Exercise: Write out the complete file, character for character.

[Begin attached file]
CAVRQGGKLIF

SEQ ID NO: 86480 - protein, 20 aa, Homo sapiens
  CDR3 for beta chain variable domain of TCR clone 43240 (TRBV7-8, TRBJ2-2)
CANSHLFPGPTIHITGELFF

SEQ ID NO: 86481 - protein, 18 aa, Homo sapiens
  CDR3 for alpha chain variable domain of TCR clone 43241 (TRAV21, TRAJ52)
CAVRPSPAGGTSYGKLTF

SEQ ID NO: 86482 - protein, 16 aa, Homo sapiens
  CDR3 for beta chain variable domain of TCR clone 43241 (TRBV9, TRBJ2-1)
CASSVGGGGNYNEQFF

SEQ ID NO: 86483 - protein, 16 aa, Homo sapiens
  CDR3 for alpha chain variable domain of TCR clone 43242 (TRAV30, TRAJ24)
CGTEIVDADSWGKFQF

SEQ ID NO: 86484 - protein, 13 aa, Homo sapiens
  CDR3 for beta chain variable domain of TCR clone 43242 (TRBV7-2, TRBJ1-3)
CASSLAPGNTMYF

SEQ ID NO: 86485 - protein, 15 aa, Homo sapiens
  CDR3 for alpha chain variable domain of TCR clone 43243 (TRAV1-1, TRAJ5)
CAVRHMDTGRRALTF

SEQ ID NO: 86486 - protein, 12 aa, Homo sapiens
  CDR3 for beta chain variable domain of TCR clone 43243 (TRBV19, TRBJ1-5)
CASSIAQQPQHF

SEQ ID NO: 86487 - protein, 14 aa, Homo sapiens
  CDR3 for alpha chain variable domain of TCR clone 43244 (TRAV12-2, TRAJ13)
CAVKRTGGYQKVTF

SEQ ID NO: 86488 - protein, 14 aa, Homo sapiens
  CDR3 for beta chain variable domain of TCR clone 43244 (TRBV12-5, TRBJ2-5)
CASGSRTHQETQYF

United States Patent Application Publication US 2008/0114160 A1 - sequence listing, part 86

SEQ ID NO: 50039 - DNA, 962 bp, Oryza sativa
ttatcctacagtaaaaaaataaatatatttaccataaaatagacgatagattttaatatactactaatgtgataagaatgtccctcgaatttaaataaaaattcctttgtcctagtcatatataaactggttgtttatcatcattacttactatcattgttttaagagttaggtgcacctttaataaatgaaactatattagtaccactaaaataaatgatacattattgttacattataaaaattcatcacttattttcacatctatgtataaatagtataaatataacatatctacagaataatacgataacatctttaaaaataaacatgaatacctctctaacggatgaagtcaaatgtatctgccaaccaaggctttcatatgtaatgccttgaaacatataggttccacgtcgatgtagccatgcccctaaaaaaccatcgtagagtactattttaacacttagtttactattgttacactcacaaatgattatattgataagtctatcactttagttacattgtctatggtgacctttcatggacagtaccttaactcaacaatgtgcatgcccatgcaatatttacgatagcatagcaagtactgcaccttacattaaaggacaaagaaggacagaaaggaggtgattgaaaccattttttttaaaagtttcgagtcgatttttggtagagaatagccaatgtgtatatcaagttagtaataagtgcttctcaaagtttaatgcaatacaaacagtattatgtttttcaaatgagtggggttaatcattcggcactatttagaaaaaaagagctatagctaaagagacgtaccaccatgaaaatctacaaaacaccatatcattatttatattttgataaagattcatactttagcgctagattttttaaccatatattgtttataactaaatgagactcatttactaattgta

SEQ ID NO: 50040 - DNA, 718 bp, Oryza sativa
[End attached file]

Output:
CAVRQGGKLIF

SEQ ID NO: 86480 - protein, 20 aa, Homo sapiens
  CDR3 for beta chain variable domain of TCR clone 43240 (TRBV7-8, TRBJ2-2)
CANSHLFPGPTIHITGELFF

SEQ ID NO: 86481 - protein, 18 aa, Homo sapiens
  CDR3 for alpha chain variable domain of TCR clone 43241 (TRAV21, TRAJ52)
CAVRPSPAGGTSYGKLTF

SEQ ID NO: 86482 - protein, 16 aa, Homo sapiens
  CDR3 for beta chain variable domain of TCR clone 43241 (TRBV9, TRBJ2-1)
CASSVGGGGNYNEQFF

SEQ ID NO: 86483 - protein, 16 aa, Homo sapiens
  CDR3 for alpha chain variable domain of TCR clone 43242 (TRAV30, TRAJ24)
CGTEIVDADSWGKFQF

SEQ ID NO: 86484 - protein, 13 aa, Homo sapiens
  CDR3 for beta chain variable domain of TCR clone 43242 (TRBV7-2, TRBJ1-3)
CASSLAPGNTMYF

SEQ ID NO: 86485 - protein, 15 aa, Homo sapiens
  CDR3 for alpha chain variable domain of TCR clone 43243 (TRAV1-1, TRAJ5)
CAVRHMDTGRRALTF

SEQ ID NO: 86486 - protein, 12 aa, Homo sapiens
  CDR3 for beta chain variable domain of TCR clone 43243 (TRBV19, TRBJ1-5)
CASSIAQQPQHF

SEQ ID NO: 86487 - protein, 14 aa, Homo sapiens
  CDR3 for alpha chain variable domain of TCR clone 43244 (TRAV12-2, TRAJ13)
CAVKRTGGYQKVTF

SEQ ID NO: 86488 - protein, 14 aa, Homo sapiens
  CDR3 for beta chain variable domain of TCR clone 43244 (TRBV12-5, TRBJ2-5)
CASGSRTHQETQYF

United States Patent Application Publication US 2008/0114160 A1 - sequence listing, part 86

SEQ ID NO: 50039 - DNA, 962 bp, Oryza sativa
ttatcctacagtaaaaaaataaatatatttaccataaaatagacgatagattttaatatactactaatgtgataagaatgtccctcgaatttaaataaaaattcctttgtcctagtcatatataaactggttgtttatcatcattacttactatcattgttttaagagttaggtgcacctttaataaatgaaactatattagtaccactaaaataaatgatacattattgttacattataaaaattcatcacttattttcacatctatgtataaatagtataaatataacatatctacagaataatacgataacatctttaaaaataaacatgaatacctctctaacggatgaagtcaaatgtatctgccaaccaaggctttcatatgtaatgccttgaaacatataggttccacgtcgatgtagccatgcccctaaaaaaccatcgtagagtactattttaacacttagtttactattgttacactcacaaatgattatattgataagtctatcactttagttacattgtctatggtgacctttcatggacagtaccttaactcaacaatgtgcatgcccatgcaatatttacgatagcatagcaagtactgcaccttacattaaaggacaaagaaggacagaaaggaggtgattgaaaccattttttttaaaagtttcgagtcgatttttggtagagaatagccaatgtgtatatcaagttagtaataagtgcttctcaaagtttaatgcaatacaaacagtattatgtttttcaaatgagtggggttaatcattcggcactatttagaaaaaaagagctatagctaaagagacgtaccaccatgaaaatctacaaaacaccatatcattatttatattttgataaagattcatactttagcgctagattttttaaccatatattgtttataactaaatgagactcatttactaattgta

SEQ ID NO: 50040 - DNA, 718 bp, Oryza sativa